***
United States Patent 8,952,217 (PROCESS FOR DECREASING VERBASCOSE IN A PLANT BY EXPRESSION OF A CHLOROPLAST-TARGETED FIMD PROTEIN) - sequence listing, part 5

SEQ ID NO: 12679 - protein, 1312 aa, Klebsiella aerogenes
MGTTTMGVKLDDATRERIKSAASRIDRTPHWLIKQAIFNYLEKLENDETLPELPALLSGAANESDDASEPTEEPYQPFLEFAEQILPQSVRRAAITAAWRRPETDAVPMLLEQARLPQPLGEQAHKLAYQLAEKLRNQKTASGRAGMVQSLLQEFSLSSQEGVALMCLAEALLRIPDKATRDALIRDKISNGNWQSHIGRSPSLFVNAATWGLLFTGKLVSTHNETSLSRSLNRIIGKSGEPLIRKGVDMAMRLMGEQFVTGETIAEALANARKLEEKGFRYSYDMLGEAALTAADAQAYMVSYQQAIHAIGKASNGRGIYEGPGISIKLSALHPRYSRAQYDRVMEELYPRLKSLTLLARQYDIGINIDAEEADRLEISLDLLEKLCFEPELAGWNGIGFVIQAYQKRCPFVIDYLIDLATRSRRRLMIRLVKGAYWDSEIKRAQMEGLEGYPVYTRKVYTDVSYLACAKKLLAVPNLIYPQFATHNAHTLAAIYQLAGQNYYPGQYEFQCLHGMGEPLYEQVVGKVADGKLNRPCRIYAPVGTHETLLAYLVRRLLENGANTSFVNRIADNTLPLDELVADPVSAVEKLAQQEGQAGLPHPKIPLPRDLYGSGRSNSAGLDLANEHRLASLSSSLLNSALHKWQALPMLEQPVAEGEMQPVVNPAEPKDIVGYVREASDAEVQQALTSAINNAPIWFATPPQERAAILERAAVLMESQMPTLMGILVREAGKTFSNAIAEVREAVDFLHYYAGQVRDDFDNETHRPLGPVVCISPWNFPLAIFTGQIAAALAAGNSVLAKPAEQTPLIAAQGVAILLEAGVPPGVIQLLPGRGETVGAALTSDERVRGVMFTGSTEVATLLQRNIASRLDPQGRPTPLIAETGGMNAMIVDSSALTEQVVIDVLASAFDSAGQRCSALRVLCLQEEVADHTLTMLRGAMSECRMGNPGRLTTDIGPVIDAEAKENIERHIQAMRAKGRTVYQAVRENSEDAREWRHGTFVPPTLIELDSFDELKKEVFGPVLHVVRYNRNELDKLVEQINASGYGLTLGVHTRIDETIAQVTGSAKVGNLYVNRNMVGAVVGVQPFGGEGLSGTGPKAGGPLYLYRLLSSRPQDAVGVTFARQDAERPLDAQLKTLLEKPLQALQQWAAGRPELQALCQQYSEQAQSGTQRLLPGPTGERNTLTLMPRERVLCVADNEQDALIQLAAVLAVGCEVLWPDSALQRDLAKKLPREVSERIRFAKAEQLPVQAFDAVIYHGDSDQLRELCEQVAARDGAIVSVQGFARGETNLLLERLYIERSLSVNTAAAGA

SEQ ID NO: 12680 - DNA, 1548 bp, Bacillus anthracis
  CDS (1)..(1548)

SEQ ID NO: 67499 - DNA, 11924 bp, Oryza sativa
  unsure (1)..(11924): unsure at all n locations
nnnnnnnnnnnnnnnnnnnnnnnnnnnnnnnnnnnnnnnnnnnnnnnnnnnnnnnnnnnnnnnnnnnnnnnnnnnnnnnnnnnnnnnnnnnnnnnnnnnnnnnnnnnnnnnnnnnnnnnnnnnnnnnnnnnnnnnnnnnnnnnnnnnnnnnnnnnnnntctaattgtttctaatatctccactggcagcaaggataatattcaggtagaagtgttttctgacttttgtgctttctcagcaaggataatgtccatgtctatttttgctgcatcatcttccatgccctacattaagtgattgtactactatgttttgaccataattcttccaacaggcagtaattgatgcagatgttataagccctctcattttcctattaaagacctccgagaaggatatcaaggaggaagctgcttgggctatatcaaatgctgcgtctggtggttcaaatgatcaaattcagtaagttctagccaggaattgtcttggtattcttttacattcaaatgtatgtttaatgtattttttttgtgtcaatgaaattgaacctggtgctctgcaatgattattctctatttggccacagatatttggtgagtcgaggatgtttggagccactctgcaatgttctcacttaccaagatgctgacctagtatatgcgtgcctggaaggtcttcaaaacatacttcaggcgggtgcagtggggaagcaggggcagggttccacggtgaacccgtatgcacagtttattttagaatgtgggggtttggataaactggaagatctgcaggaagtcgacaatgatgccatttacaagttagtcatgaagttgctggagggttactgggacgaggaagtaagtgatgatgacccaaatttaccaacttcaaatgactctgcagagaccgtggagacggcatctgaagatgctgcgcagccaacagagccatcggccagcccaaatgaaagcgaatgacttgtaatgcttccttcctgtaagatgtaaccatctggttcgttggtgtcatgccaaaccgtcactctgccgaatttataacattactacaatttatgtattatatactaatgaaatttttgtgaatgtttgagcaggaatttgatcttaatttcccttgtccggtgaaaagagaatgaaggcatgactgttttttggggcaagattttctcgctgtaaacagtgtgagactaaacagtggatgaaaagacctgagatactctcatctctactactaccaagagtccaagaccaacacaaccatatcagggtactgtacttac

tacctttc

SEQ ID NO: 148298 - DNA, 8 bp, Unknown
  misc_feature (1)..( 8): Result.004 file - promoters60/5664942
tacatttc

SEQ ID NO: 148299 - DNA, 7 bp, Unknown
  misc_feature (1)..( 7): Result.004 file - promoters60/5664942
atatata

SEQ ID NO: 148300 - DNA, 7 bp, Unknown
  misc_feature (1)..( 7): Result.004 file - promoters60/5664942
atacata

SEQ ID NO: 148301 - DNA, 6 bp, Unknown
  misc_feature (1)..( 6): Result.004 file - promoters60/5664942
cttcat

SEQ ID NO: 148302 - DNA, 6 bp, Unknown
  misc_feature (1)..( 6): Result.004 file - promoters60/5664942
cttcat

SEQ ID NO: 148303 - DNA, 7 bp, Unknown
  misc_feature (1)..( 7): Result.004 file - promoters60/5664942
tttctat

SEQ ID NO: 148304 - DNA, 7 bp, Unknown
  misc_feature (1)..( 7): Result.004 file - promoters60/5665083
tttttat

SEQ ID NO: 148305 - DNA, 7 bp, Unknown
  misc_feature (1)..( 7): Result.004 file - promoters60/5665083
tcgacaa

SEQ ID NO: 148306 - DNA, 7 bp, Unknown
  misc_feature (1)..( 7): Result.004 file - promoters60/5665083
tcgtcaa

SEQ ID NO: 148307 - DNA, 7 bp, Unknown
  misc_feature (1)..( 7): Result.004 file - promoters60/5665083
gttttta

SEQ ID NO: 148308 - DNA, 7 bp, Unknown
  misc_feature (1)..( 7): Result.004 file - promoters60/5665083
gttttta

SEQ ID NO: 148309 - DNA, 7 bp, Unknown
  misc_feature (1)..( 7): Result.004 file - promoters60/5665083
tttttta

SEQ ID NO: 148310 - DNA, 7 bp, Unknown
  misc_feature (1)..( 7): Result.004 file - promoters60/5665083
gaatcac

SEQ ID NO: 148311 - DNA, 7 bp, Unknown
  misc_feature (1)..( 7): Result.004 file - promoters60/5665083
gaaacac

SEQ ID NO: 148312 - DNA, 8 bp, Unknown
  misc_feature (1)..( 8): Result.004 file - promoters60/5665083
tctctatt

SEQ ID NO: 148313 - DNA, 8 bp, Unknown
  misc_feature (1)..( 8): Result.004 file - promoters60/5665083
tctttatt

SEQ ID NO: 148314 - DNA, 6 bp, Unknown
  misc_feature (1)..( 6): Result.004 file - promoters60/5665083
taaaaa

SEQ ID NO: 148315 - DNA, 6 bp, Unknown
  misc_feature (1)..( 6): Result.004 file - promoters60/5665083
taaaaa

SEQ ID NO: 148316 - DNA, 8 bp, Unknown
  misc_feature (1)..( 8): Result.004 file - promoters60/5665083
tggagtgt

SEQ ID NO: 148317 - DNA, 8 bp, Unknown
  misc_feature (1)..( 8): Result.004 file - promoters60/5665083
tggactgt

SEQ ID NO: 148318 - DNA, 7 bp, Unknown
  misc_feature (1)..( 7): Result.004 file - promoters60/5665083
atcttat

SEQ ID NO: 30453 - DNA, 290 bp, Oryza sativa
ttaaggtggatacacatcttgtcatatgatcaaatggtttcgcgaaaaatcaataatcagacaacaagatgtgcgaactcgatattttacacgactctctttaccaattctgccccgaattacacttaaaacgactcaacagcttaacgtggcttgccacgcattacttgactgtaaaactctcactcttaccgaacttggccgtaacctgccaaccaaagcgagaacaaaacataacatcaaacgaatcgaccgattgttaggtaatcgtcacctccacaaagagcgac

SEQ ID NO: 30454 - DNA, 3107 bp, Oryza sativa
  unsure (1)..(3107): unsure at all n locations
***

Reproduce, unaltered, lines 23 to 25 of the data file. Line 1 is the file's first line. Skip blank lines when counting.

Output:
  misc_feature (1)..( 6): Result.004 file - promoters60/5664942
cttcat

SEQ ID NO: 148303 - DNA, 7 bp, Unknown